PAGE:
Secretary for Justice Teresa Cheng has said that Wednesday’s assault against a Hong Kong journalist in Beijing while reporting on a prominent human rights lawyer’s hearing was “very strange,” though she stopped short of condemning the incident.
Responding to media enquiries on Friday, she said the episode was “very strange” and that it was “very hard to believe incidents like this would happen.” She said the government has expressed concern to the relevant mainland authorities.
The incident took place on Wednesday, when a Now TV cameraman and his colleague were covering a Beijing Lawyers Association hearing relating to the disqualification of human rights lawyer Xie Yanyi for alleged misconduct.
The cameraman was injured, handcuffed and detained for several hours by Chinese police. According to Now TV, he was made to sign a “letter of repentance” before being released.
The justice secretary did not answer further questions over whether the assault violated Chinese law and whether the incident highlighted personal safety issues for reporters working in China.
Reporters from Hong Kong broadcaster RTHK, who were trying to film the incident, also faced intimidation from several men who claimed to be civilians.
Free expression NGO Reporters Without Borders said it condemned the use of physical violence: “We urge president Xi Jinping’s regime to stop obstructing the work of journalists.”
Hong Kong top officials have come under fire for not taking a firmer stance on the assault. Chief Executive Carrie Lam expressed “regret” over the incident on Wednesday and asked Hong Kong reporters to respect Chinese law.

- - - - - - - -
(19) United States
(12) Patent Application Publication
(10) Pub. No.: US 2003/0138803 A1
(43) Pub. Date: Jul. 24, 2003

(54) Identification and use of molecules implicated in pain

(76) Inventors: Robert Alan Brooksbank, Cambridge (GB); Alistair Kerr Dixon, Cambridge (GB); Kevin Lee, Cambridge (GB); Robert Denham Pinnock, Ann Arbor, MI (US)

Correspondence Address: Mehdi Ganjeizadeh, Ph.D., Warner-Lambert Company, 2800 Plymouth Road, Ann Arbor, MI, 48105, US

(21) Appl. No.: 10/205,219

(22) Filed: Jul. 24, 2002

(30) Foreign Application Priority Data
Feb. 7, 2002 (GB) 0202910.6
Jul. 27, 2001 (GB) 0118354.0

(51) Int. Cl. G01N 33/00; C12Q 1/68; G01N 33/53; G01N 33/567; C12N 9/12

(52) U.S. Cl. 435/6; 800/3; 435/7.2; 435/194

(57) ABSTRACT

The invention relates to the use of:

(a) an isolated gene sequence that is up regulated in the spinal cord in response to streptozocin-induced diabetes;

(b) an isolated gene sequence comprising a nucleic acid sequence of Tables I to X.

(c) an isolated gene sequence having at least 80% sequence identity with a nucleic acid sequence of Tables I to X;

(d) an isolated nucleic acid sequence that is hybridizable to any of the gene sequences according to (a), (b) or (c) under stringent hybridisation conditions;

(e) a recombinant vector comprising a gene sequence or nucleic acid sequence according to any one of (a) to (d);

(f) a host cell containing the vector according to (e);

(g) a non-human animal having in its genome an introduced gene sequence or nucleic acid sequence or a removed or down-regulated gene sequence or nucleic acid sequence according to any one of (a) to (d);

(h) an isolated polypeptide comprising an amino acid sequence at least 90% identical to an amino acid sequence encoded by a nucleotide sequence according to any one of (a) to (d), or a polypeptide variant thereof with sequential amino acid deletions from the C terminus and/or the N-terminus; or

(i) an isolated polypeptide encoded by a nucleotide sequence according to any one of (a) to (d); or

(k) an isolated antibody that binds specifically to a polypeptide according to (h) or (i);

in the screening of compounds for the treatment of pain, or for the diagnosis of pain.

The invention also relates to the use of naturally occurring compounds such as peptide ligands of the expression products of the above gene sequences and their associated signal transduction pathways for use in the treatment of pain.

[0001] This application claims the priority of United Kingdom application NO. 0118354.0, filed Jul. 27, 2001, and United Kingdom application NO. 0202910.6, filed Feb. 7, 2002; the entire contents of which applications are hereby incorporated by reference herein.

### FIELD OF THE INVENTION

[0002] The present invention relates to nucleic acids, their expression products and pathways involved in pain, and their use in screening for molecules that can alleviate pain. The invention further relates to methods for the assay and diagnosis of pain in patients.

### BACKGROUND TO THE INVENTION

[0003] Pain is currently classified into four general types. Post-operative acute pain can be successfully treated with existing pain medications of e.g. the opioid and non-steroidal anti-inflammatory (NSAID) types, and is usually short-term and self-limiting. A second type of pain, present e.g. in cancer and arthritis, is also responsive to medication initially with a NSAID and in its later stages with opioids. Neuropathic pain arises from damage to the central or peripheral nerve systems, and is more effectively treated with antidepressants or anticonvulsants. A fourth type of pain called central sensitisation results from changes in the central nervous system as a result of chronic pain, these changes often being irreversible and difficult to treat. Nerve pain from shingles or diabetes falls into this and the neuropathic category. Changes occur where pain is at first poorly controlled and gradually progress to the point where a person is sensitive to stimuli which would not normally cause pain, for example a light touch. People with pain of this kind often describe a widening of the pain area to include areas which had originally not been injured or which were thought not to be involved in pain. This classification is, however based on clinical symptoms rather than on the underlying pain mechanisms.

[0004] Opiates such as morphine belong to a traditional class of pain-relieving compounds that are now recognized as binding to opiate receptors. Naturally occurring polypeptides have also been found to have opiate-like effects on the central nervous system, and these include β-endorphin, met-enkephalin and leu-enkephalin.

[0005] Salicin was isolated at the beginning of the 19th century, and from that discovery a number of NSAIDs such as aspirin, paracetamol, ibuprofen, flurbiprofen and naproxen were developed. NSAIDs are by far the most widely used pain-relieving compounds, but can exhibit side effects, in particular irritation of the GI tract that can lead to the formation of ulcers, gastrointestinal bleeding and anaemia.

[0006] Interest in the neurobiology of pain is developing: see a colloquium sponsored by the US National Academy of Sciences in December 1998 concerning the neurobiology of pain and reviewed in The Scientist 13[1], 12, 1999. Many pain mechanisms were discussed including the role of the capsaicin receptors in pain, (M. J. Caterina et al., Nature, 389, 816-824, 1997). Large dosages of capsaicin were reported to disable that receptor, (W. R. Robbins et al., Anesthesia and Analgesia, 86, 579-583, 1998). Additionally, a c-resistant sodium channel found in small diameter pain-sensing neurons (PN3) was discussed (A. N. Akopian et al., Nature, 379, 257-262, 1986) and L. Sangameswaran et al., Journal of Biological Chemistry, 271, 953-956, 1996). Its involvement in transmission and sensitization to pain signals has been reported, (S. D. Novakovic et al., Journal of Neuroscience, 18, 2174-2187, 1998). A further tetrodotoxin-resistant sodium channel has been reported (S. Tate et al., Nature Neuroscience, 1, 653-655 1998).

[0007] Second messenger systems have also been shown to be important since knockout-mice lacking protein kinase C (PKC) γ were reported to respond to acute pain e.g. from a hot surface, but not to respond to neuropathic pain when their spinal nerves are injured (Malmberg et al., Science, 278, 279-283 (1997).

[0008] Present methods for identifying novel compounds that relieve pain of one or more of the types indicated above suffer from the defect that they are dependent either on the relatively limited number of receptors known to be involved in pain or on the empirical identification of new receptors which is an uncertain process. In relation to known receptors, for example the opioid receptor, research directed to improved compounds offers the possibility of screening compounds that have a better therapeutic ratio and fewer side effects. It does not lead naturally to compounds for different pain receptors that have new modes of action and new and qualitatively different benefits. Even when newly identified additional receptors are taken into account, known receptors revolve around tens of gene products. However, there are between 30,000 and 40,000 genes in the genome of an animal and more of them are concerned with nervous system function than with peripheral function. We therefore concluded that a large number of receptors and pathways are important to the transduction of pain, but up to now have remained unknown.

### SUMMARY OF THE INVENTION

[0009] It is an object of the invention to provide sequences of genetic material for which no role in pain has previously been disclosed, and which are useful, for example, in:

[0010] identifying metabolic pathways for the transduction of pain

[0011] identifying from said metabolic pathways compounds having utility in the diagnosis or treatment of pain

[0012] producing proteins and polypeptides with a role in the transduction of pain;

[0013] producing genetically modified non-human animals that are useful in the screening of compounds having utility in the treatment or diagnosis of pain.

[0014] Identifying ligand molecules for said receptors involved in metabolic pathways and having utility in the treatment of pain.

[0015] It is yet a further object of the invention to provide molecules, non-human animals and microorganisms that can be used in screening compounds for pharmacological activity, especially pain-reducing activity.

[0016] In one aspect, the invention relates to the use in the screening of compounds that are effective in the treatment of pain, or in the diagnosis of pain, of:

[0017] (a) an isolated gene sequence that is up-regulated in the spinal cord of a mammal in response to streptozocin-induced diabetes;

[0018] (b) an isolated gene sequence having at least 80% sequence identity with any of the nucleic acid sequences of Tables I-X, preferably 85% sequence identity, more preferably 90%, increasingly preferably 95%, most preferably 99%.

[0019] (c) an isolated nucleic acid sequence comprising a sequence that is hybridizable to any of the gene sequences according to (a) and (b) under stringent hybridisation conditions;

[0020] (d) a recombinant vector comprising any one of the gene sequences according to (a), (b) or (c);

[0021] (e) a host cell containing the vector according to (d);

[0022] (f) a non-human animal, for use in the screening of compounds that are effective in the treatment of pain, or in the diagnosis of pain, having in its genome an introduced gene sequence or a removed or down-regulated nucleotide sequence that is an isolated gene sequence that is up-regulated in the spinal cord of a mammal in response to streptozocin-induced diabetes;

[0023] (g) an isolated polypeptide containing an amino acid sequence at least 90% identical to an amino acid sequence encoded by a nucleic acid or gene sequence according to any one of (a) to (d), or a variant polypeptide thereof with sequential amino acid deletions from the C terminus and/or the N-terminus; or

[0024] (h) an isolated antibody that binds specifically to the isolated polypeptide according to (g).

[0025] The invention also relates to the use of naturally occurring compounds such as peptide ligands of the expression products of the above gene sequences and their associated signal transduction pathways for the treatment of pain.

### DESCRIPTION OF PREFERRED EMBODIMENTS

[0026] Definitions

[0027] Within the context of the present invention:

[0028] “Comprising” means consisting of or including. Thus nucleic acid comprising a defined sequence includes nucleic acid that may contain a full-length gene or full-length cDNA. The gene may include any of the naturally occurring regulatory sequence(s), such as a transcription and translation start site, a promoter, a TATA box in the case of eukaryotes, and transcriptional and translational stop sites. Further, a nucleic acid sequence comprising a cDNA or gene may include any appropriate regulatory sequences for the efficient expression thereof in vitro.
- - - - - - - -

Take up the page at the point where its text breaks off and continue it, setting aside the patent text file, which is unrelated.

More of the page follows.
Asked why she did not condemn the violence, Lam said she needed more details to form a judgment. She asked people not to “adopt a hostile attitude” or think that the government must use “certain wording” to show that it cares about an issue.
Chief Secretary Matthew Cheung also said he needed more information to decide whether to condemn the incident.
Critics have accused officials of being inconsistent, comparing their attitude this week with opinions expressed towards pro-democracy lawmaker Ted Hui last month. Hui allegedly snatched a phone from a civil servant accused of keeping watch at lawmakers inside the legislature and storing data of their whereabouts on her phone.
A petition has been launched urging Lam to condemn mainland authorities for using violence against Hong Kong journalists, stating that the chief executive had “double standards.”
Wednesday’s assault was the second such incident within a week. A reporter from i-Cable TV News was beaten up by two men last Saturday in Dujiangyan when reporting on the tenth anniversary of the devastating Sichuan earthquake.
The Hong Kong government has expressed its concern at the incident to the relevant mainland authorities, but Carrie Lam said she as an official of the Hong Kong SAR government “cannot ask them to take specific actions” such as arresting those responsible.
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